The 2021 World Water Development Report finds that, unlike most other natural resources, it has proven difficult to determine water’s "true" value.
The report concludes that, "while there may be scope to reduce complexities and standardize metrics in some circumstances, the reality is the need for better means to recognize, maintain and accommodate different values".
“Recognizing, measuring and expressing water’s worth, and incorporating it into decision-making, are fundamental to achieving sustainable and equitable water resources management.” The 2021 World Water Development Report opens by identifying this challenge and proceeds to explore the need to broaden the notion of the “value” of water, stressing that we cannot confuse the concepts of “price,” “cost,” and “value.”
Titled ‘Valuing Water,’ the WWDR 2021 explores this topic through chapters focused on:
- economic valuation,
- valuation of hydraulic infrastructure,
- valuing water supply, sanitation and hygiene (WASH) in human settlements,
- the benefits of water for food and agriculture,
- water valuation in the energy, industry and business sector,
- culture and the values of water,
- multi-value approaches in water governance,
- challenges and opportunities for valuing water, and
- knowledge, research and capacity development as enabling conditions.
The WWDR highlights that water is not like other raw materials that can be treated as commodities and openly traded through stock markets. The value of water for domestic use varies from the value placed on the human right to water, for example. These and other uses limit the application of traditional economic accounting for the value of water, as the recorded price of water often reflects attempts for cost recovery and not the value delivered.
The report groups current methodologies and approaches to the valuation of water into five interrelated perspectives: valuing water sources, in situ water resources and ecosystems; valuing water infrastructure for water storage, use, reuse, or supply augmentation; valuing water services, mainly drinking water, sanitation, and related human health aspects; valuing water as an input to production and socio-economic activity, such as food and agriculture, energy and industry, business and employment; and other sociocultural values of water, including recreational, cultural, and spiritual attributes.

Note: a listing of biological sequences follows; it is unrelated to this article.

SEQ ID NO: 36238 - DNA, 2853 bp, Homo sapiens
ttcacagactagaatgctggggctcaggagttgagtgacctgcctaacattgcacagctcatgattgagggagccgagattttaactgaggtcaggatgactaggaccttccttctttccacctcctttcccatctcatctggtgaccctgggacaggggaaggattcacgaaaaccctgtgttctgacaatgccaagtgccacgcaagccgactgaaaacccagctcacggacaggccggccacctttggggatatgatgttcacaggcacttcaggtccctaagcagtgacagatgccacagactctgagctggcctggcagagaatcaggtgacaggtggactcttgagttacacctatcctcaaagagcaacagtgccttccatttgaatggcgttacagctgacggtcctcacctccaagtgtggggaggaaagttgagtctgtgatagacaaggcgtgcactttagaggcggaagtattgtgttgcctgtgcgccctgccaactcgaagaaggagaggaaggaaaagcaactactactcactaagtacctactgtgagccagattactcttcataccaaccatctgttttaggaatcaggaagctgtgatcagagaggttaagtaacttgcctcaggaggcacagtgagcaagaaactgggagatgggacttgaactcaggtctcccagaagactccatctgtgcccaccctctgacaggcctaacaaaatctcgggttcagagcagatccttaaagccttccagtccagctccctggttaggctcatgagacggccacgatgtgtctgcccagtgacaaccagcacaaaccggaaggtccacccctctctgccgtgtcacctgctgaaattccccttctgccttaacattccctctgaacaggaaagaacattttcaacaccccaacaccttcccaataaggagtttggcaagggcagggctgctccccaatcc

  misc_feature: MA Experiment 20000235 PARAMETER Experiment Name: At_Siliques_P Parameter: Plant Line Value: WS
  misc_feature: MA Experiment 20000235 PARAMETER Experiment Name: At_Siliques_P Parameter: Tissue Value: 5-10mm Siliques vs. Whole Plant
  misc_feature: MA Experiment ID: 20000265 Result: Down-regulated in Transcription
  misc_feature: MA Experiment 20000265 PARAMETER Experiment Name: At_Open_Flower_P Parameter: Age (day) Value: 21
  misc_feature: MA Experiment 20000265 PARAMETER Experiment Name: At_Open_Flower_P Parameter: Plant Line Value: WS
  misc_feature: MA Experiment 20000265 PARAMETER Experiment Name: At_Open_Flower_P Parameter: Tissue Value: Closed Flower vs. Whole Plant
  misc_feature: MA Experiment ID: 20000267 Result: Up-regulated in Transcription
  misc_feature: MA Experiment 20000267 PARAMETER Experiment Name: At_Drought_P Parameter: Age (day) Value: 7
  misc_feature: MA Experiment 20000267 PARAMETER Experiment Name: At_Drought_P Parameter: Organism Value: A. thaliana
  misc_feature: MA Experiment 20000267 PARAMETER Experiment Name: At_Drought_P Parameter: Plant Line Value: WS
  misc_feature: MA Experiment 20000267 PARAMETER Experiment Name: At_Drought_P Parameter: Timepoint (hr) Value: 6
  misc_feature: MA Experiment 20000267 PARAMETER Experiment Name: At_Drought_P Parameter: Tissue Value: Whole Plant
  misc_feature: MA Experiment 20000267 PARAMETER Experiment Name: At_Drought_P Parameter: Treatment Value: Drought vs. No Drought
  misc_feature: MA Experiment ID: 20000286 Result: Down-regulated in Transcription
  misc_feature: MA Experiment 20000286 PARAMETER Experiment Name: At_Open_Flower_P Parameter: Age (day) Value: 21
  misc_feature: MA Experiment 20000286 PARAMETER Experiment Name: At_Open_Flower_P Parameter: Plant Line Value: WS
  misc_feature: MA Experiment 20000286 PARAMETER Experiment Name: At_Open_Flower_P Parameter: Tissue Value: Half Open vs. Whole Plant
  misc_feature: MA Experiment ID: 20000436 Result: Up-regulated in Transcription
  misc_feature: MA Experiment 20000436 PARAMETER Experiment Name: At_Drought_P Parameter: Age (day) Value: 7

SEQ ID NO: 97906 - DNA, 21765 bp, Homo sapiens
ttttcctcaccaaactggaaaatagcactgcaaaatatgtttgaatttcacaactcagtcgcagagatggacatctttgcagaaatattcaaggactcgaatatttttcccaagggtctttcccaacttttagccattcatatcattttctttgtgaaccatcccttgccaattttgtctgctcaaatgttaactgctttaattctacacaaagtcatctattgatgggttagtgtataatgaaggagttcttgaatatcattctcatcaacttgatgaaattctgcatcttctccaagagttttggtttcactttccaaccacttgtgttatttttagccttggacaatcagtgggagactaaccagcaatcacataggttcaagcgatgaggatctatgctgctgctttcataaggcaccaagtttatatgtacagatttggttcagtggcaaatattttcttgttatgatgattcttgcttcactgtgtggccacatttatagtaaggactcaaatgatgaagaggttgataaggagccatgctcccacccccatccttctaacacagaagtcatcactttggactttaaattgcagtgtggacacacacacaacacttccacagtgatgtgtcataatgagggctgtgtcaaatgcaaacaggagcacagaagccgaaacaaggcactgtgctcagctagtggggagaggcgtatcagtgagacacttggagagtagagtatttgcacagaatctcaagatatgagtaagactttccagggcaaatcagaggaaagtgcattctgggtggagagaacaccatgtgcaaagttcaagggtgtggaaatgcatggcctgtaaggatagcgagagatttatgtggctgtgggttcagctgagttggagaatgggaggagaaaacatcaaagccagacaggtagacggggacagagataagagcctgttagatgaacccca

The report suggests that nations can transition into multi-value governance “by building on existing governance frameworks such as [Integrated Water Resources Management], which integrates interests of diverse stakeholder groups operating at various political levels and policy sectors.” With regard to investments in water supply, sanitation, or irrigation services, the report highlights that multiple policy goals will need to be taken into consideration when designing an appropriate water tariff structure, and while care should be taken to ensure affordability for the poor, expansion to the widest number of individuals, and funding to ensure reliability and network improvements, large, untargeted WASH subsidies can be counterproductive.
The report concludes that, “while there may be scope to reduce complexities and standardize metrics in some circumstances, the reality is the need for better means to recognize, maintain and accommodate different values.”
UNESCO and its World Water Assessment Programme coordinated the production of the 2021 World Water Development Report, with contributions from UN-Water Members, Partners, and others. The report was launched on World Water Day 2021, which focused on the same theme: Valuing Water. [Publication: WWDR 2021][UNESCO WWDR 2021 webpage]